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1928 chevy 4cyl motor

Discussion in 'The Hokey Ass Message Board' started by RedRodder, Apr 7, 2010.

  1. little skeet
    Joined: Jan 27, 2008
    Posts: 300

    little skeet
    Member
    from huston

    The 1928 Chevy dragster was originally built in the Winter of 1959. My dad and I built it. The engine has a custom ground to our specs camshaft done by Fenton. For pistons, since stock is very low compression, we went to a parts store. Got out their piston specs book and started looking. We found an International six cylinder truck engine that was within .020 of being the same bore and used the same size wrist pin.
    We did not bore out the cylinders. Instead of boring, we used a hone and set of taper feeler gauges. Honed out the cylinders and taper fitted each one. The International pistons have a very nice high shaped dome and good combustion squench area. They work really well in the 4 banger. The engine runs the stock rods and mains and a beefed up stock oil pump. We used small block Chevy valves and springs. Ported the head ourselves and made our own intake and exhaust systems. The engine is in a 1959 Chasis Research dragster frame. It was a "you weld it together kit" from California. I raced it in the X/Dragster class @ Julesburg, Scottsbluff, Cheyenne, and CDR drag strips. My younger brother and I restored it in 1994 and put it back into it's current shape. We take it out about once a year and run it at a nostaglia meet and take it to car show too. Never got beat by a Model A in NHRA competition drag racing.

    "Wan't anbody there except me and Little Skeet"
     
  2. dawford- sorry for missing that- post some pics when it goes together!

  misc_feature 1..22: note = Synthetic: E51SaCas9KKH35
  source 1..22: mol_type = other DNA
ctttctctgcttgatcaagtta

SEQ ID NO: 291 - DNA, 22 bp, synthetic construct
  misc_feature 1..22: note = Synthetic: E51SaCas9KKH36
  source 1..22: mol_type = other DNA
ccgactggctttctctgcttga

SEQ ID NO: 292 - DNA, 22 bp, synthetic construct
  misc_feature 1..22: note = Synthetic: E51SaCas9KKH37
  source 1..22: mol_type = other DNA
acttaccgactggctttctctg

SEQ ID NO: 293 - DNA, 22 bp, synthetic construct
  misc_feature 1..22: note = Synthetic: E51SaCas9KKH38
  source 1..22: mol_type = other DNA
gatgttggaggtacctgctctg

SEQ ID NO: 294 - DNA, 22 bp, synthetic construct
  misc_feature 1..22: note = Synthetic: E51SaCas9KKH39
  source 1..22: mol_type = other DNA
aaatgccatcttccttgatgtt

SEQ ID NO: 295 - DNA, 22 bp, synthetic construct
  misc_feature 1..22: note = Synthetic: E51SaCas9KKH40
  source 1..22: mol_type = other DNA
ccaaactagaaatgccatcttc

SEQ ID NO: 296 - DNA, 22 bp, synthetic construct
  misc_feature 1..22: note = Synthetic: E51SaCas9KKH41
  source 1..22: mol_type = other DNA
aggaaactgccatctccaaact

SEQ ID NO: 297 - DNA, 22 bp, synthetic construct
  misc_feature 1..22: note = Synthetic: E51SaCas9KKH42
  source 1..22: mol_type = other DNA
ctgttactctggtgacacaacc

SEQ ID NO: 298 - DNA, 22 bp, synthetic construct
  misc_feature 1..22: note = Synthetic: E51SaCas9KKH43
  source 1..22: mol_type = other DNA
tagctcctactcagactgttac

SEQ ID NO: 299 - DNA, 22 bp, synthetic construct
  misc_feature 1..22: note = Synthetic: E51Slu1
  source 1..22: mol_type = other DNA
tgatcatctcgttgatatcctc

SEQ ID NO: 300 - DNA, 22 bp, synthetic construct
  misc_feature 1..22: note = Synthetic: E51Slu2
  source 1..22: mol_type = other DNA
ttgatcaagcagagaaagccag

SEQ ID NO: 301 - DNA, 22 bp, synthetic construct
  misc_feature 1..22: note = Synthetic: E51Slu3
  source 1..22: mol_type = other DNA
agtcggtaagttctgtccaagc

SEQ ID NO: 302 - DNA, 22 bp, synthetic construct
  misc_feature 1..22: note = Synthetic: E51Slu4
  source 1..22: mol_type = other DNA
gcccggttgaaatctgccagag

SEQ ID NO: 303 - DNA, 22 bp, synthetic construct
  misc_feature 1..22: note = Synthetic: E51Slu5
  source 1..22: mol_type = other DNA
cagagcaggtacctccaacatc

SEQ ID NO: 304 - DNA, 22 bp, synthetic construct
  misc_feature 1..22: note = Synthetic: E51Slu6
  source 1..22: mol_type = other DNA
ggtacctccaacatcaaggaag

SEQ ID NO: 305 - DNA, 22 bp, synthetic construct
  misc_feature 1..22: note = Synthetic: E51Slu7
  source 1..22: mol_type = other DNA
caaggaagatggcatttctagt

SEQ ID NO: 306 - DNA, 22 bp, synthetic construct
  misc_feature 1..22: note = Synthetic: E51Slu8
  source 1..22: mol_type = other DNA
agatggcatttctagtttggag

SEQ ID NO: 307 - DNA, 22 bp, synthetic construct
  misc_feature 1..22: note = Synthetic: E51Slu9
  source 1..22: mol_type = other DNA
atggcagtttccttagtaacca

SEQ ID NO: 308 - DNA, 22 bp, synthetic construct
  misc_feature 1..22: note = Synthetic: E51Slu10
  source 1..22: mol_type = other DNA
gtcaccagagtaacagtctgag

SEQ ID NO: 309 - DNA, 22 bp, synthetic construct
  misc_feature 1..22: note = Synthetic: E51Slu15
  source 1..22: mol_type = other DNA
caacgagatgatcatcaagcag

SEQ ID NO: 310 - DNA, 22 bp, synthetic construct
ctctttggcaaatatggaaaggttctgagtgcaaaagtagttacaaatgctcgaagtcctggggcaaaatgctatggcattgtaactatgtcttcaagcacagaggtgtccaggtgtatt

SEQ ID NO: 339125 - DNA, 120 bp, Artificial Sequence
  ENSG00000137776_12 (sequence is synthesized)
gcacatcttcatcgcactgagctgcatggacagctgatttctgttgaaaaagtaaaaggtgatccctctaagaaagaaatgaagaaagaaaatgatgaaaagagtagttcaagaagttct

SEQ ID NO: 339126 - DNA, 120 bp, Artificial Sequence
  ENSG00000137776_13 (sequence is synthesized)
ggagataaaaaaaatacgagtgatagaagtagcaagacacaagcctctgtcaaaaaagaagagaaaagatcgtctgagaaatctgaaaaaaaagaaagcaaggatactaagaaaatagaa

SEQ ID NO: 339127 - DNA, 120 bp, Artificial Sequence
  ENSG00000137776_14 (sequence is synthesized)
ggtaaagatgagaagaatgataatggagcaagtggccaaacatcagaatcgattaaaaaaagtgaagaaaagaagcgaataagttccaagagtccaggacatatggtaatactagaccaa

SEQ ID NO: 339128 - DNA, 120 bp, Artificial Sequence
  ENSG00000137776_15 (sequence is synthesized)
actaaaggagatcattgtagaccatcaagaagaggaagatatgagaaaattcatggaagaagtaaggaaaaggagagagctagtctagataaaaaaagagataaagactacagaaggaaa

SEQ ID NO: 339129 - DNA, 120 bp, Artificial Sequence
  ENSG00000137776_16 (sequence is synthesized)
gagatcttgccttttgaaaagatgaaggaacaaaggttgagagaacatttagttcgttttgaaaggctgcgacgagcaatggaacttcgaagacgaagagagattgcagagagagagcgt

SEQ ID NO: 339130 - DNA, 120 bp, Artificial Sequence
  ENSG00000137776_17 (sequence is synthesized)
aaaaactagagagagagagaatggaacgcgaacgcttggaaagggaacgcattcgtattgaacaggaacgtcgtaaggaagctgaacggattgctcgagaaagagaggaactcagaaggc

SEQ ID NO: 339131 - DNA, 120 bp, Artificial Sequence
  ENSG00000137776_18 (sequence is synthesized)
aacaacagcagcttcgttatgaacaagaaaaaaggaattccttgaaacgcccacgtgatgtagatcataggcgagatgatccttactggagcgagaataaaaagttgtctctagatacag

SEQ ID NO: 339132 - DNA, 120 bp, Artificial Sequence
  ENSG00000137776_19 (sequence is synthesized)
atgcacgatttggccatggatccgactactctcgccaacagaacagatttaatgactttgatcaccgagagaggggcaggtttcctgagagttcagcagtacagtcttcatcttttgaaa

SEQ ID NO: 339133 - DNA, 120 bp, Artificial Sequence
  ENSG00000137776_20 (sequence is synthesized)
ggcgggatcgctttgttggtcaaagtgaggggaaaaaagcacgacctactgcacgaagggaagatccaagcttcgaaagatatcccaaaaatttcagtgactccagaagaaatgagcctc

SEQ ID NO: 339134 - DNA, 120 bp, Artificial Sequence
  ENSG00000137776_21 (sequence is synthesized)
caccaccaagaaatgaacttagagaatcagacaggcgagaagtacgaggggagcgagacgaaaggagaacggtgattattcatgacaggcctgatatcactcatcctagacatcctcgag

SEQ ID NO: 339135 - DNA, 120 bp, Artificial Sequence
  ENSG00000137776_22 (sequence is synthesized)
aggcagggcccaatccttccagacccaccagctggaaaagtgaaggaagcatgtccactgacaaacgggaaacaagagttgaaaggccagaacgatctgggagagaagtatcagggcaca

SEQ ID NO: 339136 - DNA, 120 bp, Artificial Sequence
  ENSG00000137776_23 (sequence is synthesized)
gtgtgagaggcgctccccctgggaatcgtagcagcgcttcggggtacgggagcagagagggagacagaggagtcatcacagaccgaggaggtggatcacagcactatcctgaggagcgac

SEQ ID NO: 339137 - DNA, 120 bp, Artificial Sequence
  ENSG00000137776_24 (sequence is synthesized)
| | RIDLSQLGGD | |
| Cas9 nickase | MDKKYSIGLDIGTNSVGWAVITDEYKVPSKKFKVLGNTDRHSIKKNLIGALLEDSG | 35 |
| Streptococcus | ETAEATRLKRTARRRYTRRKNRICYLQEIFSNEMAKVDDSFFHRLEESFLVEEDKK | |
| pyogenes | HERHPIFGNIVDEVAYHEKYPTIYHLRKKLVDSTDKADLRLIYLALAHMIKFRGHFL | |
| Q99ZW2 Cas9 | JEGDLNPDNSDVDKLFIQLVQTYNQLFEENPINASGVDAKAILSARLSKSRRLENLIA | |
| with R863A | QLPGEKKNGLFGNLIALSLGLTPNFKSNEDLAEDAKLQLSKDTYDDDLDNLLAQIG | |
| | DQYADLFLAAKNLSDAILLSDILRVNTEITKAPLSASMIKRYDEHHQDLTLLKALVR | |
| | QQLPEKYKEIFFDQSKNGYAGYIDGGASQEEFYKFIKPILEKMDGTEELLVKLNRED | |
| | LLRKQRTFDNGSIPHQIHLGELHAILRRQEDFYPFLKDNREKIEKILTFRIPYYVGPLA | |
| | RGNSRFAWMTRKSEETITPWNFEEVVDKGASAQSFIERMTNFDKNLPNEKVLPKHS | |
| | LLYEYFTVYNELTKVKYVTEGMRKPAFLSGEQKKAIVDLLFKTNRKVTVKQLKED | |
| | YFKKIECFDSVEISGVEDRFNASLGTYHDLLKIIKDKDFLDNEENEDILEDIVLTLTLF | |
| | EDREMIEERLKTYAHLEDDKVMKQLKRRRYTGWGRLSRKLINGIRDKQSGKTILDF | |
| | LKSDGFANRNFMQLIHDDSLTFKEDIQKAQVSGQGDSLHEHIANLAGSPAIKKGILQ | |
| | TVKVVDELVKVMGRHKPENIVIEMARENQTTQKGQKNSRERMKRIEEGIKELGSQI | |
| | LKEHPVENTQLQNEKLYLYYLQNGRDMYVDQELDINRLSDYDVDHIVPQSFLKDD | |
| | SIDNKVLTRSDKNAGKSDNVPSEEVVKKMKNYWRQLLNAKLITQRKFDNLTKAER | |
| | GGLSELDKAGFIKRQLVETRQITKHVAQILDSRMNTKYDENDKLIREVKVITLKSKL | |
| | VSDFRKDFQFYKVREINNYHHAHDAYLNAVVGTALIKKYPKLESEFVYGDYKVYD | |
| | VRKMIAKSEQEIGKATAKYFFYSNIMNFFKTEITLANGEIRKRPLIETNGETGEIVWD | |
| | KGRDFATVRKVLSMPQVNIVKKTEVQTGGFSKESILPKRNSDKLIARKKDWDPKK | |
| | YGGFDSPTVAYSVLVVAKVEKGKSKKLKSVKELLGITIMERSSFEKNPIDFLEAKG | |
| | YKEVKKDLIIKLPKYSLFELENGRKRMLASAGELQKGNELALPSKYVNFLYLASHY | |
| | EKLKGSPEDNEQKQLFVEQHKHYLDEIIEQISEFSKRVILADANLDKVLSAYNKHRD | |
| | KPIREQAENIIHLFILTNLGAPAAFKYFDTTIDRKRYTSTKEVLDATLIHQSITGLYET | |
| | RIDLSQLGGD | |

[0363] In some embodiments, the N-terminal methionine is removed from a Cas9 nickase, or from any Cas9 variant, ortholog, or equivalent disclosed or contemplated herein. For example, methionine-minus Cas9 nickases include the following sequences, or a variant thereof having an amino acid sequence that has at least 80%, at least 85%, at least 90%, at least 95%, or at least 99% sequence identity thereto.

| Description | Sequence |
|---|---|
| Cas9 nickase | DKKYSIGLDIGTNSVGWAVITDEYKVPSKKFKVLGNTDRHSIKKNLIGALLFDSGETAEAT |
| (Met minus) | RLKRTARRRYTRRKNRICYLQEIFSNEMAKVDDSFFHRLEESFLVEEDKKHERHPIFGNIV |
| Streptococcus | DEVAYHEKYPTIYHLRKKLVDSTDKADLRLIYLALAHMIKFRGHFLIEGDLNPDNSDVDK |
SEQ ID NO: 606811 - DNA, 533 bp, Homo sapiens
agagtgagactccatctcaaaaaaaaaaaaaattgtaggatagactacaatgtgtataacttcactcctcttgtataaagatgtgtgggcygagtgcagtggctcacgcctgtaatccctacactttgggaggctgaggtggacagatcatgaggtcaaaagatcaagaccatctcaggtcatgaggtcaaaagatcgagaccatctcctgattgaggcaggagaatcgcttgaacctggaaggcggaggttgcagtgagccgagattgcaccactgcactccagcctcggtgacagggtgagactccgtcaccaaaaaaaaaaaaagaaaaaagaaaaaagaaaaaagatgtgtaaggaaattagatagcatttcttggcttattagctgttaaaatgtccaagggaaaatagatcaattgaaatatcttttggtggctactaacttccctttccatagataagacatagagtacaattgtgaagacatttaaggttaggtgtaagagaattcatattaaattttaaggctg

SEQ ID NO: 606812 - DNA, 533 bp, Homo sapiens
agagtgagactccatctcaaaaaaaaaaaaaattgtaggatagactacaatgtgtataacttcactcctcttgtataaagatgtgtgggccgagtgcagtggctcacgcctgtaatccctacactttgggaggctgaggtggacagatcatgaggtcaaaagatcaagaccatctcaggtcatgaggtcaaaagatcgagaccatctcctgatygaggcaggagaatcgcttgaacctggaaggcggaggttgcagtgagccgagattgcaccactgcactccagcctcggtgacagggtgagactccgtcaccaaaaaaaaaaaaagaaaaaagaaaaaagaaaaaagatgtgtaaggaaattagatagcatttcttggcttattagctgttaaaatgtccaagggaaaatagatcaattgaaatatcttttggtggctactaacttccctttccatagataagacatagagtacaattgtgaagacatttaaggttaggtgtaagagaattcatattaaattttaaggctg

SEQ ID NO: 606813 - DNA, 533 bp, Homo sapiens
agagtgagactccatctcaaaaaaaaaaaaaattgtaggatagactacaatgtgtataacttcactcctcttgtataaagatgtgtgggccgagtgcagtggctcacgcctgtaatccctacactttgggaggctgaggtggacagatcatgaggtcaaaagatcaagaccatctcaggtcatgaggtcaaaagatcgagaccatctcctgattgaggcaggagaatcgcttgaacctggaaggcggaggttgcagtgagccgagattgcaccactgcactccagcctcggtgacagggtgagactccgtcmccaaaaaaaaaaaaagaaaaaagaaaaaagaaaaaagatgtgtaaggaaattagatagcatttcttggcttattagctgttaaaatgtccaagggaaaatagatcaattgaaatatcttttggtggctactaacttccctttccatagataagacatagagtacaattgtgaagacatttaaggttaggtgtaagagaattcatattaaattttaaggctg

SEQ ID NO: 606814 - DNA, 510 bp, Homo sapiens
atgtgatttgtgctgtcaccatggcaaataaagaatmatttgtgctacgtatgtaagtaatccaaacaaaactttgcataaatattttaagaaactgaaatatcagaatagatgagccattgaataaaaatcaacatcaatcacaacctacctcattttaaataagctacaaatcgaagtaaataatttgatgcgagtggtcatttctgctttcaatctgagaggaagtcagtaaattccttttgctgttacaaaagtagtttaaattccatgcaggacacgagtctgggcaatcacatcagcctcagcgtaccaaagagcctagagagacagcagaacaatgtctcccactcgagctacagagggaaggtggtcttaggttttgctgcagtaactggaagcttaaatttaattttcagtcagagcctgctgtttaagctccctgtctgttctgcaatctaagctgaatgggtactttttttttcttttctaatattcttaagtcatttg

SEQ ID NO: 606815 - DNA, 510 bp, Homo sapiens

little skeet- sounds like a fun rail!
     
  3. dawford,

    Do have one question- how many Chevy 6's do you need to go through to get a set of rocker arms for the 4? If I understand correctly, there's only 2 rocker arms per engine that would work, so that's 4 engines worth (unless the 216's are all straight)...

    I like the idea of a hollow shaft, but there may still be options other than hobbling 4 stovebolts :D.
     
  4. dawford
    Joined: Apr 25, 2010
    Posts: 499

    dawford
    Member

    Mac,

    I went knuckle diving in my parts washer and took the other half of the 216 rocker shaft apart and there are 6 straight rocker arms.

    So to make it work out even you will need 4 sets to get 24 which is enough for 3 heads. Just kidding.

    2 complete shafts will yield 12 straight rockers, enough for 1 head and 4 spare arms.

    The 2 complete rocker shafts will also yield 4 shafts, plenty of risers, springs, keepers, washers and 2 oilers.

    :) :) :) Dick :) :) :)
     
  5. bct
    Joined: Apr 4, 2005
    Posts: 3,008

    bct
    Member

    its amazing what information sharing can accomplish ....i'd sure love to see that dragster in person!
     
  6. little skeet,

    If you ever open that engine up again, it would be great to see the pistons! Did you run babbitt, or use inserts?

    Dick,
    Thanks again for the 216 info... just have to find a rodder who's "getting rid of that junk" 6 now :D.

    NORSONAUTO,
    Sorry for the lack of info on the Saturn lifters- they were found on quick run through the local yard and I didn't have time to get the info, but it was a mid 90's car with an OHV engine. The lifters are about 1/16" larger than the stock '28, so some machining is required and you will need to make new plates to keep them from rotating. If I can find the car again, I'll get specific info.

    Anyone- what would it cost to have a new camshaft ground? Isky would only regrind truck cams for Spurgin/Giovanine and they're hard to find (and probably cost more to buy/have reground).
     
  7. RichFox
    Joined: Dec 3, 2006
    Posts: 9,760

    RichFox
    ALLIANCE MEMBER

    For my un-namable brand of banger when I wanted a billet cam Joe Panak of Roto-Faze made mine. You could Google Roto-Faze.
     
  8. Thanks Rich... are you EVER going to forgive me :D:D:D???